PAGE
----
A roundup of what's happening on the Green Bay Packers beat.
GREEN BAY, Wis. -- Coach Mike McCarthy couldn't have been happier to see his team's NFC wild-card playoff game against the San Francisco 49ers scheduled for the late afternoon timeslot on Sunday.
McCarthy prefers to keep his team on a regular, seven-day schedule.
But that's only the beginning of what having a full week will do for the Packers. McCarthy gave his coaching staff extra time to break down the 49ers and formulate a game plan for a team that has beaten them three times in past two seasons.
The offensive, defensive and special teams coordinators did not hold their regularly-scheduled sessions with reporters on Monday but instead will do so on Tuesday.
“We backed our schedule up by design because we want to make sure our coaching staff has a large amount of time to prepare for this game, probably a little longer than most,” McCarthy said Monday.
He altered the team's practice schedule, too. There is no practice scheduled for Wednesday, although the players will be at the facility and likely will use the new indoor training area for a walkthrough session before resuming a regular practice schedule on Thursday and Friday.
“I think you have to be cognizant of what we've gone through the last four weeks,” McCarthy said. “We've played four playoff-type football games in cold weather. That's part of training and being on top of where your team is. Our schedule this week will reflect that.”
As difficult as the last month of the season has been on the Packers, who were on the playoff bubble but won three of their final four to clinch the NFC North division title, there was probably no better way to simulate the intensity of the NFL postseason.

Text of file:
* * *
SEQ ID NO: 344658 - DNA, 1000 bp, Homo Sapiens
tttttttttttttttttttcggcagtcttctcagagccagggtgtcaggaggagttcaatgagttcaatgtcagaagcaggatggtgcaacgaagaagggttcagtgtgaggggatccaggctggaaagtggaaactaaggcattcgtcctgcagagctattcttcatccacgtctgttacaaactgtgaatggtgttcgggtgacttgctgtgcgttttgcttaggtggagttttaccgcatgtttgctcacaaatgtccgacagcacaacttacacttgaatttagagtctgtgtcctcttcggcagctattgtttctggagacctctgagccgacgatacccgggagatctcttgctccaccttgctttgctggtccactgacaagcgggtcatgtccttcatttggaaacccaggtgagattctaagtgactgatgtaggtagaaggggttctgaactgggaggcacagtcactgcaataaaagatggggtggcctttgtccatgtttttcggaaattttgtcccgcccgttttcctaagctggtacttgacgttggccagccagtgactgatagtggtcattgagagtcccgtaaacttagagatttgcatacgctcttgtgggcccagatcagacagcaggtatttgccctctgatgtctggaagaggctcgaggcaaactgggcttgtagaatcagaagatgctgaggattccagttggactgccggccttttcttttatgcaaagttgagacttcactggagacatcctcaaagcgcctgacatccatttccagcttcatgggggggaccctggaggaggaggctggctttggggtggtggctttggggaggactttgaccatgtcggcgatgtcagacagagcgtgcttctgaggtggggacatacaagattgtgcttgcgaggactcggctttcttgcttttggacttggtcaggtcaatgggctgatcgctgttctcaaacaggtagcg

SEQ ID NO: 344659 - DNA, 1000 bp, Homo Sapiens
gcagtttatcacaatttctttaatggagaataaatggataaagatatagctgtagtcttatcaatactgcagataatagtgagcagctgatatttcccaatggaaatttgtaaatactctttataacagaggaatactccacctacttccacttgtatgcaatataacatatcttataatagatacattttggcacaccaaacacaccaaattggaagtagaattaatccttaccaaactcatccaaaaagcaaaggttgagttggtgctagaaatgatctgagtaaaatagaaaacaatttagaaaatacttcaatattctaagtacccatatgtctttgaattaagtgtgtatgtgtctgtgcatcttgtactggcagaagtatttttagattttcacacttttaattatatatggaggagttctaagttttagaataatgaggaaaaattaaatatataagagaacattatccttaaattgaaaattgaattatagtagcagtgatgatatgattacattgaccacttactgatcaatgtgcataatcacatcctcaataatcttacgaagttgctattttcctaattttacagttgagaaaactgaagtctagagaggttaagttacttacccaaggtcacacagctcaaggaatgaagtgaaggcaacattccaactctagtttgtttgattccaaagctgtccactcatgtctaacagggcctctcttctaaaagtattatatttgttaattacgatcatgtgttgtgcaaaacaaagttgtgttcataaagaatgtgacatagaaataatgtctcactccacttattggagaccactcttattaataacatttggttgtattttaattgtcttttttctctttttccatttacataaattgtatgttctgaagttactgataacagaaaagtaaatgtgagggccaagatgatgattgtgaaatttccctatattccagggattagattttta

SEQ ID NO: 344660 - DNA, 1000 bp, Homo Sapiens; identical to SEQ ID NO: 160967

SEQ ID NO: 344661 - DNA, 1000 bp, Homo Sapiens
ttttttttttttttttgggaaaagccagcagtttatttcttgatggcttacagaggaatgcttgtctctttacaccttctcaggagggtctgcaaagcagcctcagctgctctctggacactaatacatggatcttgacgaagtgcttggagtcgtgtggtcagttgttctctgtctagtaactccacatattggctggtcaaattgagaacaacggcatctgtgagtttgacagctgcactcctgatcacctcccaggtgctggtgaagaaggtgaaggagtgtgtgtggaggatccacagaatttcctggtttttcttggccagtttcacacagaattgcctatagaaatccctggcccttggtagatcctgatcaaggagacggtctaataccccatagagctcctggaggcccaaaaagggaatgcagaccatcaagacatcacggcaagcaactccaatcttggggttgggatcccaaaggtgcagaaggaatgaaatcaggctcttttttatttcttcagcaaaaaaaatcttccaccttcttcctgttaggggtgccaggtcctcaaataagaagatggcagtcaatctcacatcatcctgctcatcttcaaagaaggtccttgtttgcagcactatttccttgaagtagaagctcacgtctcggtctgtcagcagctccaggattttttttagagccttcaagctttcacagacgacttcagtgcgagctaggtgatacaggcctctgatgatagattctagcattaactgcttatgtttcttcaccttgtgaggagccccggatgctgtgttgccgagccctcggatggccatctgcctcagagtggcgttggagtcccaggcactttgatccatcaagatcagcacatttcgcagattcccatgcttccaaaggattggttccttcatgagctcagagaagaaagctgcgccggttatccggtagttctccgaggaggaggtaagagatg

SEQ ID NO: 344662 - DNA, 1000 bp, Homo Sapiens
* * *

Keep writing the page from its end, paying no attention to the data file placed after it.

“I don't know how we could be better prepared for playoff football than what we've been through the last four weeks,” McCarthy said. “I'd take our four-week experience over everything. So we'll see what happens.”
In case you missed it on ESPN.com:
McCarthy called Sunday's game-winning drive against the Bears the finest one he's ever been a part of and proclaimed it to be quarterback Aaron Rodgers' finest hour. However, that drive might not have gotten going if the players hadn't talked McCarthy out of punting early in the possession.
The Packers are holding out hope that Pro Bowl linebacker Clay Matthews can still play this season, but they're going to have to make a long run for that to happen. Matthews already has been ruled out of Sunday's wild-card game because of his broken thumb.
Even though the Packers have the worst record (8-7-1) of the 12 playoff teams, there are reasons to think they might have a long run in them.
Kicker Mason Crosby finished the regular season with an 89.2 percent success rate on field goals to earn back all of the money through incentives that he gave up when he took a pay cut in August.
The end of the regular season meant the Packers' 2014 opponents were finalized.
At the start of business on Monday, there were 40,000 tickets still available for Sunday's game.
At ESPNWisconsin.com, Sarah Barshop chronicled receiver Randall Cobb's remarkable return from his Oct. 13 broken leg.
In the Green Bay Press-Gazette, Nathan Phelps reported that by the end of business on Monday, there were still 15,000 tickets remaining for Sunday's game.
In the Milwaukee Journal Sentinel, Tyler Dunne wrote that the momentum the Packers gained from their late-season, comeback victories might be enough to keep them rolling in the playoffs.